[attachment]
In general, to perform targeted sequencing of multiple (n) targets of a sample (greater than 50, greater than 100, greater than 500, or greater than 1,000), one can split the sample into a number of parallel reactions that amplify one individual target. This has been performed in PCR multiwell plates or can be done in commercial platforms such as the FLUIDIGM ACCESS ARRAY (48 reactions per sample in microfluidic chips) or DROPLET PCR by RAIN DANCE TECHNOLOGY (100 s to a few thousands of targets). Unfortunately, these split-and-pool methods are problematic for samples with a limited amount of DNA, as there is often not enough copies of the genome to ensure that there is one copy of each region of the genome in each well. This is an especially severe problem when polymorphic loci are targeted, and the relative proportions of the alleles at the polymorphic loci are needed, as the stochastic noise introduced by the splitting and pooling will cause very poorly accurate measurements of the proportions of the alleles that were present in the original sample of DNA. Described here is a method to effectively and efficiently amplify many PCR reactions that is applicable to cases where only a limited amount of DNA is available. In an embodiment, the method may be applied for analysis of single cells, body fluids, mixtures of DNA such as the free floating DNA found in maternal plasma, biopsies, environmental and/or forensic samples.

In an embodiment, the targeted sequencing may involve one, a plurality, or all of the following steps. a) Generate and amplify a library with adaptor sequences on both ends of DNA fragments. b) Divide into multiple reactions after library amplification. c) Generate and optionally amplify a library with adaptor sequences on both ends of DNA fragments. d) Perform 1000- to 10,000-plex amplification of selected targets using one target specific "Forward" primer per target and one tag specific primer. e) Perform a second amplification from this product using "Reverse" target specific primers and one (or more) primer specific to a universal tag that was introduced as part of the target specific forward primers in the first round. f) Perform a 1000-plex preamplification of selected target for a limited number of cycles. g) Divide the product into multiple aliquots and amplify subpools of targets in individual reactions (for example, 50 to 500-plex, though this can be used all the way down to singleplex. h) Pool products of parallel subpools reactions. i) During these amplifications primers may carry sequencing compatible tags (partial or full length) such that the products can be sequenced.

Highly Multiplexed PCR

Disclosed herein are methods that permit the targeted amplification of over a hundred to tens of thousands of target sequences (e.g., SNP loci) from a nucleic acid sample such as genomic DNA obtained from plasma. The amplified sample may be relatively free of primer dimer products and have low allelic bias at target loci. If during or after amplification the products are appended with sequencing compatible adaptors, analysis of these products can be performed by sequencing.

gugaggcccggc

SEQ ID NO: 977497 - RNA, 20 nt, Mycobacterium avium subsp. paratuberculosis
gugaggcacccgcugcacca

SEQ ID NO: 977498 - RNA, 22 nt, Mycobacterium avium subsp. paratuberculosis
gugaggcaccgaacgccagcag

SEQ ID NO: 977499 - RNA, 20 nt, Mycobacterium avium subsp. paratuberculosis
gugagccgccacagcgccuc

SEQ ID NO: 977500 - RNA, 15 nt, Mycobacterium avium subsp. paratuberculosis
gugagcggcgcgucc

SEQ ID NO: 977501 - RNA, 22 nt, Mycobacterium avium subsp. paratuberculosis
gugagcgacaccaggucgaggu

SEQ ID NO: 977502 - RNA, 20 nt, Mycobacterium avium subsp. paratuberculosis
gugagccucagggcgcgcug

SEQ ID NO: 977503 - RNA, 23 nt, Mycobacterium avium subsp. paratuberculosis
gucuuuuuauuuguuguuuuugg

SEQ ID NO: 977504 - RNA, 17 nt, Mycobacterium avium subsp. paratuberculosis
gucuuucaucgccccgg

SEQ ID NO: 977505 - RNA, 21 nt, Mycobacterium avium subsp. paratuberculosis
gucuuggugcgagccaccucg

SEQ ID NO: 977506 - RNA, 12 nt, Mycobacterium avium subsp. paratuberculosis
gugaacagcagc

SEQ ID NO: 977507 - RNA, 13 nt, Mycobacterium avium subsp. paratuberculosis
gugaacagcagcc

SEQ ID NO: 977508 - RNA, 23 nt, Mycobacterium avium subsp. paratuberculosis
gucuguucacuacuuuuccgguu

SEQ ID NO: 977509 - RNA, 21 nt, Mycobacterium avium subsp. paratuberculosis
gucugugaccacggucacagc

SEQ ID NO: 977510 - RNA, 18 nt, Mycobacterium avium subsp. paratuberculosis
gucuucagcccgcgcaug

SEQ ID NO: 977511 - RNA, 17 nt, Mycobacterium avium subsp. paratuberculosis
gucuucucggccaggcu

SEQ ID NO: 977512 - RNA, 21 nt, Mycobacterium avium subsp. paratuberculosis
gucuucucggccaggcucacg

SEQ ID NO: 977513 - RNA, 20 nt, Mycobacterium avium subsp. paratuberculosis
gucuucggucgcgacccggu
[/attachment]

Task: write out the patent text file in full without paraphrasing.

In general, to perform targeted sequencing of multiple (n) targets of a sample (greater than 50, greater than 100, greater than 500, or greater than 1,000), one can split the sample into a number of parallel reactions that amplify one individual target. This has been performed in PCR multiwell plates or can be done in commercial platforms such as the FLUIDIGM ACCESS ARRAY (48 reactions per sample in microfluidic chips) or DROPLET PCR by RAIN DANCE TECHNOLOGY (100 s to a few thousands of targets). Unfortunately, these split-and-pool methods are problematic for samples with a limited amount of DNA, as there is often not enough copies of the genome to ensure that there is one copy of each region of the genome in each well. This is an especially severe problem when polymorphic loci are targeted, and the relative proportions of the alleles at the polymorphic loci are needed, as the stochastic noise introduced by the splitting and pooling will cause very poorly accurate measurements of the proportions of the alleles that were present in the original sample of DNA. Described here is a method to effectively and efficiently amplify many PCR reactions that is applicable to cases where only a limited amount of DNA is available. In an embodiment, the method may be applied for analysis of single cells, body fluids, mixtures of DNA such as the free floating DNA found in maternal plasma, biopsies, environmental and/or forensic samples.

In an embodiment, the targeted sequencing may involve one, a plurality, or all of the following steps. a) Generate and amplify a library with adaptor sequences on both ends of DNA fragments. b) Divide into multiple reactions after library amplification. c) Generate and optionally amplify a library with adaptor sequences on both ends of DNA fragments. d) Perform 1000- to 10,000-plex amplification of selected targets using one target specific "Forward" primer per target and one tag specific primer. e) Perform a second amplification from this product using "Reverse" target specific primers and one (or more) primer specific to a universal tag that was introduced as part of the target specific forward primers in the first round. f) Perform a 1000-plex preamplification of selected target for a limited number of cycles. g) Divide the product into multiple aliquots and amplify subpools of targets in individual reactions (for example, 50 to 500-plex, though this can be used all the way down to singleplex. h) Pool products of parallel subpools reactions. i) During these amplifications primers may carry sequencing compatible tags (partial or full length) such that the products can be sequenced.

Highly Multiplexed PCR

Disclosed herein are methods that permit the targeted amplification of over a hundred to tens of thousands of target sequences (e.g., SNP loci) from a nucleic acid sample such as genomic DNA obtained from plasma. The amplified sample may be relatively free of primer dimer products and have low allelic bias at target loci. If during or after amplification the products are appended with sequencing compatible adaptors, analysis of these products can be performed by sequencing.

gugaggcccggc

SEQ ID NO: 977497 - RNA, 20 nt, Mycobacterium avium subsp. paratuberculosis
gugaggcacccgcugcacca

SEQ ID NO: 977498 - RNA, 22 nt, Mycobacterium avium subsp. paratuberculosis
gugaggcaccgaacgccagcag

SEQ ID NO: 977499 - RNA, 20 nt, Mycobacterium avium subsp. paratuberculosis
gugagccgccacagcgccuc

SEQ ID NO: 977500 - RNA, 15 nt, Mycobacterium avium subsp. paratuberculosis
gugagcggcgcgucc

SEQ ID NO: 977501 - RNA, 22 nt, Mycobacterium avium subsp. paratuberculosis
gugagcgacaccaggucgaggu

SEQ ID NO: 977502 - RNA, 20 nt, Mycobacterium avium subsp. paratuberculosis
gugagccucagggcgcgcug

SEQ ID NO: 977503 - RNA, 23 nt, Mycobacterium avium subsp. paratuberculosis
gucuuuuuauuuguuguuuuugg

SEQ ID NO: 977504 - RNA, 17 nt, Mycobacterium avium subsp. paratuberculosis
gucuuucaucgccccgg

SEQ ID NO: 977505 - RNA, 21 nt, Mycobacterium avium subsp. paratuberculosis
gucuuggugcgagccaccucg

SEQ ID NO: 977506 - RNA, 12 nt, Mycobacterium avium subsp. paratuberculosis
gugaacagcagc

SEQ ID NO: 977507 - RNA, 13 nt, Mycobacterium avium subsp. paratuberculosis
gugaacagcagcc

SEQ ID NO: 977508 - RNA, 23 nt, Mycobacterium avium subsp. paratuberculosis
gucuguucacuacuuuuccgguu

SEQ ID NO: 977509 - RNA, 21 nt, Mycobacterium avium subsp. paratuberculosis
gucugugaccacggucacagc

SEQ ID NO: 977510 - RNA, 18 nt, Mycobacterium avium subsp. paratuberculosis
gucuucagcccgcgcaug

SEQ ID NO: 977511 - RNA, 17 nt, Mycobacterium avium subsp. paratuberculosis
gucuucucggccaggcu

SEQ ID NO: 977512 - RNA, 21 nt, Mycobacterium avium subsp. paratuberculosis
gucuucucggccaggcucacg

SEQ ID NO: 977513 - RNA, 20 nt, Mycobacterium avium subsp. paratuberculosis
gucuucggucgcgacccggu